It’s a digital horse race and marketing execs aren’t running.
Here’s an interesting post from Mark Schaefer that would indicate that perhaps marketing execs still don’t place the same level of importance on digital marketing when compared to more traditional marketing channels.
Schaefer’s post is based on a Harvard Business Review report that stated only nine companies in the Fortune 500 would be regarded as having a “highly digital” orientation.
Couple this finding with reports that digital media spending still significantly trails traditional spending and it would cause one to wonder how much importance marketing execs place on digital. And this is given the fact that digital media channels are growing much more rapidly than traditional.
A couple factors could be hindering digital growth in the marketing world: 1.) The reluctance of some execs to change and 2.) The need for a better demonstration of ROI from digital media.
I think everyone agrees that digital will move forward. The question is how quickly will it grow in the marketing world?
Often, it’s not the lack of aspiration that leads to mediocrity, but the expectation to excel too quickly. We live in an always on, deliver today society. While it’s certainly important to set goals, patience in achieving those goals is just as important.
Most great success stories took time to blossom. These stories were marked by hard work and determination that ultimately brought a vision to life. Periods of setbacks and advancements were common, and they’re part of all journeys to success today as well.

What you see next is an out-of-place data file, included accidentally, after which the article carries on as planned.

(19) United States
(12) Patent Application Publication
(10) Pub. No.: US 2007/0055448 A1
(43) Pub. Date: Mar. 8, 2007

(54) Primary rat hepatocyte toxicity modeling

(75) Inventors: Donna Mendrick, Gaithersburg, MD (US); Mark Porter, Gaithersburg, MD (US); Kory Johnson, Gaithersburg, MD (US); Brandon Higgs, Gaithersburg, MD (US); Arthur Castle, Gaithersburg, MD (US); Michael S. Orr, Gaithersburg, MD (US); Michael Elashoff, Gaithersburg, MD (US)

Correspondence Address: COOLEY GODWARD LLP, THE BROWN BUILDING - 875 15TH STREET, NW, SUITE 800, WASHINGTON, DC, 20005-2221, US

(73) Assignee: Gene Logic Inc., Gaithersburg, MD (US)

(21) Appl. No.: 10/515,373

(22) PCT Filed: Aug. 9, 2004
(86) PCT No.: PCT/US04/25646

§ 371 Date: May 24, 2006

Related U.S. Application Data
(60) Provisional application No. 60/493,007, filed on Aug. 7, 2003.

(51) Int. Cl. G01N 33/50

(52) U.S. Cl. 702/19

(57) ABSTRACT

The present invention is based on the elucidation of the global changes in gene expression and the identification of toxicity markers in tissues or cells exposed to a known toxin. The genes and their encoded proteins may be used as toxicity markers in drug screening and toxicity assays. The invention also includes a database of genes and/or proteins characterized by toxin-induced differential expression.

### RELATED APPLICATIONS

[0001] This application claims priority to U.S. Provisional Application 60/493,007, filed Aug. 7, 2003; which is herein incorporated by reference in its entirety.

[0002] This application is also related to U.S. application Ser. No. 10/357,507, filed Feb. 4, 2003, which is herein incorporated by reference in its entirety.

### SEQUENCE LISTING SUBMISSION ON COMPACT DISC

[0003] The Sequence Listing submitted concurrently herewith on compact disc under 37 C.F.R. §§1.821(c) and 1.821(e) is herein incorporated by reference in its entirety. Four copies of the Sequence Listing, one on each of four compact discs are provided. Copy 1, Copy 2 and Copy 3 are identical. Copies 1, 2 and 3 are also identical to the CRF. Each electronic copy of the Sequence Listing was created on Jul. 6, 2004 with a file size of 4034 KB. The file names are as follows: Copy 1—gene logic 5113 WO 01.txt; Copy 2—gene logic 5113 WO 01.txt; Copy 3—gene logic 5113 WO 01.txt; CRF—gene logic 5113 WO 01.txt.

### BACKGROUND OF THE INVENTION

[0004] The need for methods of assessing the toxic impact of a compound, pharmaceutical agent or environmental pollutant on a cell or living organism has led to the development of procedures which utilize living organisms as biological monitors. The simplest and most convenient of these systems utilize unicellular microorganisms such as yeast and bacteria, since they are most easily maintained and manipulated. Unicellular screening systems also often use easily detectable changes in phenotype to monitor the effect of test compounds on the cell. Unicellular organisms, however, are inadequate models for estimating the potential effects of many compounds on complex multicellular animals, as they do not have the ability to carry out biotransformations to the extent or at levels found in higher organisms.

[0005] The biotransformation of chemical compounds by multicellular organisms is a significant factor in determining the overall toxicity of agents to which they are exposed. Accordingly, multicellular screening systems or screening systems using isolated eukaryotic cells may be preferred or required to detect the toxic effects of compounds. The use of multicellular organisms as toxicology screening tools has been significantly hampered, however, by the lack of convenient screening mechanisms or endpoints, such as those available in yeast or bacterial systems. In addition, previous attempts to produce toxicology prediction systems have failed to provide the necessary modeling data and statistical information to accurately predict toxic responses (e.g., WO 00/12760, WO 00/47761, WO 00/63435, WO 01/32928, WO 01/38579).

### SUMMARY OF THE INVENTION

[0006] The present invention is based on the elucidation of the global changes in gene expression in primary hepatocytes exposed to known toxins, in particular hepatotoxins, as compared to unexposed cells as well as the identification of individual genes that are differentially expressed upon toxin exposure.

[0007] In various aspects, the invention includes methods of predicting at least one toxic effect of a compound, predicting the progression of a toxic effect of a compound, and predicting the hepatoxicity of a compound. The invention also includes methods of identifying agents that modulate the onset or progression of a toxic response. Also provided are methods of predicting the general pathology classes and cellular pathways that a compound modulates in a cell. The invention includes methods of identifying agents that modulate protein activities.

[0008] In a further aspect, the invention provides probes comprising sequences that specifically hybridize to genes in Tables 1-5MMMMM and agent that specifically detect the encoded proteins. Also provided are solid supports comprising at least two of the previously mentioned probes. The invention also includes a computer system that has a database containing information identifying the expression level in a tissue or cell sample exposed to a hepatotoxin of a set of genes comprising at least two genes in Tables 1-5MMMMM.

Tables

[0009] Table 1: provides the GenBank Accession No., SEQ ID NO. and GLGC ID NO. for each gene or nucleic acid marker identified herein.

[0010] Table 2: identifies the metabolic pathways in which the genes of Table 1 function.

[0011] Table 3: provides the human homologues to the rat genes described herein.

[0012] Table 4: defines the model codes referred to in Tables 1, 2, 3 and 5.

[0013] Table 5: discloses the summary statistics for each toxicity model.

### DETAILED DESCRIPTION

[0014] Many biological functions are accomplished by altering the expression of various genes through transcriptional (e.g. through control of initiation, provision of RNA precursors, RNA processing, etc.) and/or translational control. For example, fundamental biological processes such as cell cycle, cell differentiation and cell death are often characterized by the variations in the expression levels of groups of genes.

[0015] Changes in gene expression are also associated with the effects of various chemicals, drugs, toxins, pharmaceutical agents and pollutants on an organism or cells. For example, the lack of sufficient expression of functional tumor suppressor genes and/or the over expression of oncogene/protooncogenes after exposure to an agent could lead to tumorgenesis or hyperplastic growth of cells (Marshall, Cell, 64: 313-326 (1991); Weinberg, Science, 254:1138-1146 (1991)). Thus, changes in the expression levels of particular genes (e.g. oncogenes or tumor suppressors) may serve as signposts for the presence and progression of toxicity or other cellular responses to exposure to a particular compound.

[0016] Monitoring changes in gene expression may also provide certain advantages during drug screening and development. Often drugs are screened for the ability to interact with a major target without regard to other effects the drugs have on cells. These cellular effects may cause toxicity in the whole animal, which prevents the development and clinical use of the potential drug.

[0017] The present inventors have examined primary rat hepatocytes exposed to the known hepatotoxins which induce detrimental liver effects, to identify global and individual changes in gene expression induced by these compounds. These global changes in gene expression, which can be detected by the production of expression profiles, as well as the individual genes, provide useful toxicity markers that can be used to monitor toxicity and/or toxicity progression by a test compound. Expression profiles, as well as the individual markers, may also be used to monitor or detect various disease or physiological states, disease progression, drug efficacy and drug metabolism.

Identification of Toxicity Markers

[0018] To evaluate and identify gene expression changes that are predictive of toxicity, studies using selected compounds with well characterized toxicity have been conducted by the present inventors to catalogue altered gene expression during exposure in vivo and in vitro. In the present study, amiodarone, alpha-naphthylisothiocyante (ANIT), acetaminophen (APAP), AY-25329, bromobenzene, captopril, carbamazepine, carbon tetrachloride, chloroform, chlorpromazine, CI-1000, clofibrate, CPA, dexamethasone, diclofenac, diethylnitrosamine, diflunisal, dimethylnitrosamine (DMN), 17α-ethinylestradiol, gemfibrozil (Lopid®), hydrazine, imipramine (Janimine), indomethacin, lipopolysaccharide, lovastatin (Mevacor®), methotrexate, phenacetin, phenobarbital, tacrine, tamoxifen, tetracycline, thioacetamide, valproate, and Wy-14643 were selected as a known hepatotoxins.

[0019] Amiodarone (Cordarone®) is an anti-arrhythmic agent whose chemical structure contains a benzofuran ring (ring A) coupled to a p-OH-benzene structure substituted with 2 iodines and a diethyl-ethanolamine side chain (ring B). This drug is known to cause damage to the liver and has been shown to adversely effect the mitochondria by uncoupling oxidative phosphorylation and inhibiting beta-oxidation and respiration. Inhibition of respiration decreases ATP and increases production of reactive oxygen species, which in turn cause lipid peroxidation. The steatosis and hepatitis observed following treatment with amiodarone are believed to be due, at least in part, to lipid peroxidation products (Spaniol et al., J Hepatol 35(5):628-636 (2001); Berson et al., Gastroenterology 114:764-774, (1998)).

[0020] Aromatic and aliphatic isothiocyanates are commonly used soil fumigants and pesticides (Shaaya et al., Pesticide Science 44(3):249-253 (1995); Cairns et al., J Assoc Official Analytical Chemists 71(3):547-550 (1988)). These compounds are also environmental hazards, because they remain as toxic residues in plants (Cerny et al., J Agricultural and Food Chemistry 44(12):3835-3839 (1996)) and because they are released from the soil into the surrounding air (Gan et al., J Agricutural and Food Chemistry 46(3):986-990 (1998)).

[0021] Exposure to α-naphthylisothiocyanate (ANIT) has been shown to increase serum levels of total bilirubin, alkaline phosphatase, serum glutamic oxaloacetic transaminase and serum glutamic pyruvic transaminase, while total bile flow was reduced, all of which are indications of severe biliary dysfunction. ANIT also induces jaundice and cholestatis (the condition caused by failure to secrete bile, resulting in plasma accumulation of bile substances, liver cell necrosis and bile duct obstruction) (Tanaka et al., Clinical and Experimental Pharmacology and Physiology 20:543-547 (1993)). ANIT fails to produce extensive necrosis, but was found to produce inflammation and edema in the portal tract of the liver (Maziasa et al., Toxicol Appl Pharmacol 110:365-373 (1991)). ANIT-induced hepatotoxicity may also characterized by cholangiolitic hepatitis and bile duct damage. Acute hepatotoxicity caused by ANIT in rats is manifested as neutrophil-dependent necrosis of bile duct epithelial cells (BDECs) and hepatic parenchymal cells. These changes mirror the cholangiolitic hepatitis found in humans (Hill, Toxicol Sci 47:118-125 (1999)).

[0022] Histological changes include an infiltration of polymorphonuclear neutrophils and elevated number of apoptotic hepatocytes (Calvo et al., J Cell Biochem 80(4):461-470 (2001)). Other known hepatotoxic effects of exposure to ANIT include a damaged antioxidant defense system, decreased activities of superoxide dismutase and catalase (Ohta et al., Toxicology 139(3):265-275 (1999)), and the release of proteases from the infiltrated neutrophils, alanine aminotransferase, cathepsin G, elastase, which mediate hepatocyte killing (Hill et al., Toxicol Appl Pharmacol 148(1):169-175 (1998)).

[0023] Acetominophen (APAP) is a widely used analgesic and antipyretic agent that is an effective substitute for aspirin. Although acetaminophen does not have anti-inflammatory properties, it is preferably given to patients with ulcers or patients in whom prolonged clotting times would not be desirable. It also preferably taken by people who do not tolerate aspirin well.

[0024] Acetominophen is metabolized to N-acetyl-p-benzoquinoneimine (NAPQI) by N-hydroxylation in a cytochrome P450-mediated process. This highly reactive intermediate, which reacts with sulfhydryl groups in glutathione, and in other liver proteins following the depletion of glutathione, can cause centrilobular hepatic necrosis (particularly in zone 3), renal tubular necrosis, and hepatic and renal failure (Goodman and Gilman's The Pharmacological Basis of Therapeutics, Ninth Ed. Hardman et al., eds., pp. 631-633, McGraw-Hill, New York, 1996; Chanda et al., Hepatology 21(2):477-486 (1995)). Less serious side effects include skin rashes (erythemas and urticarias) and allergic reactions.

Temptations abound to shift priorities to new shiny objects, trends or developments that promise quick success. But continually doing that assures never really achieving much of anything. Sometimes the best thing to do is stay true to your first strategy, only commit to doing it better.
Does the age of social media and connectivity spell the end of “branding?” Many people claim this is the case. In reality, it’s not true.
Social media does present some unique challenges to brands. People can complain publicly when expectations are not met. These complaints, if they persist and spread, can also damage a brand. But, brands for the most part still control their own destiny.
The best definitions and concepts related to branding often come from company CEOs. I had the chance recently to listen to some great branding wisdom from Greg Brown, CEO at Motorola Solutions, a company that’s had great success developing its brand internally and externally.
Here are some of the insights he offered:
“Brand is the image you create and the experience you deliver.”
“Implement a brand framework around a cultural identity.”
“Create a brand purpose. Is what you’re doing fitting that purpose?”
“Determine ‘how’ the brand speaks, not so much what it says. Be concise, human and imaginative.”
These aren’t comments that indicate a loss of the ability to develop a brand. Much to the contrary, developing a consistent and powerful brand is still very achievable, despite the prevalence of social media.
Bigger isn’t always better. In fact, when it comes to content, shorter, bite-sized pieces are often (but not always) better. For marketers and content publishers, competition for attention and speed of information almost necessitates shorter content in many cases.
Shorter content allows more frequent publishing, which is needed when the average life of a tweet, Facebook or Google+ post is only hours.
It can also be saved and built into lengthier content pieces. Entire books have come out of a of series of blog posts. If the content is collected it can be used for any number of long-form applications.
Bite-sized content also allows fast communication. Views can be shared more immediately while news is breaking.
Passive audiences are also more likely to consume a short piece of content than a piece they fear will steal their time.
Long content pieces will always continue to have their place and importance. But with content marking, saying it as quickly as possible without sacrificing quality are becoming as important as ever.
Here are a couple excellent (but longer) posts on content brevity:
6 Reasons to Make Your Big Idea Small
What’s So New About Content Marketing?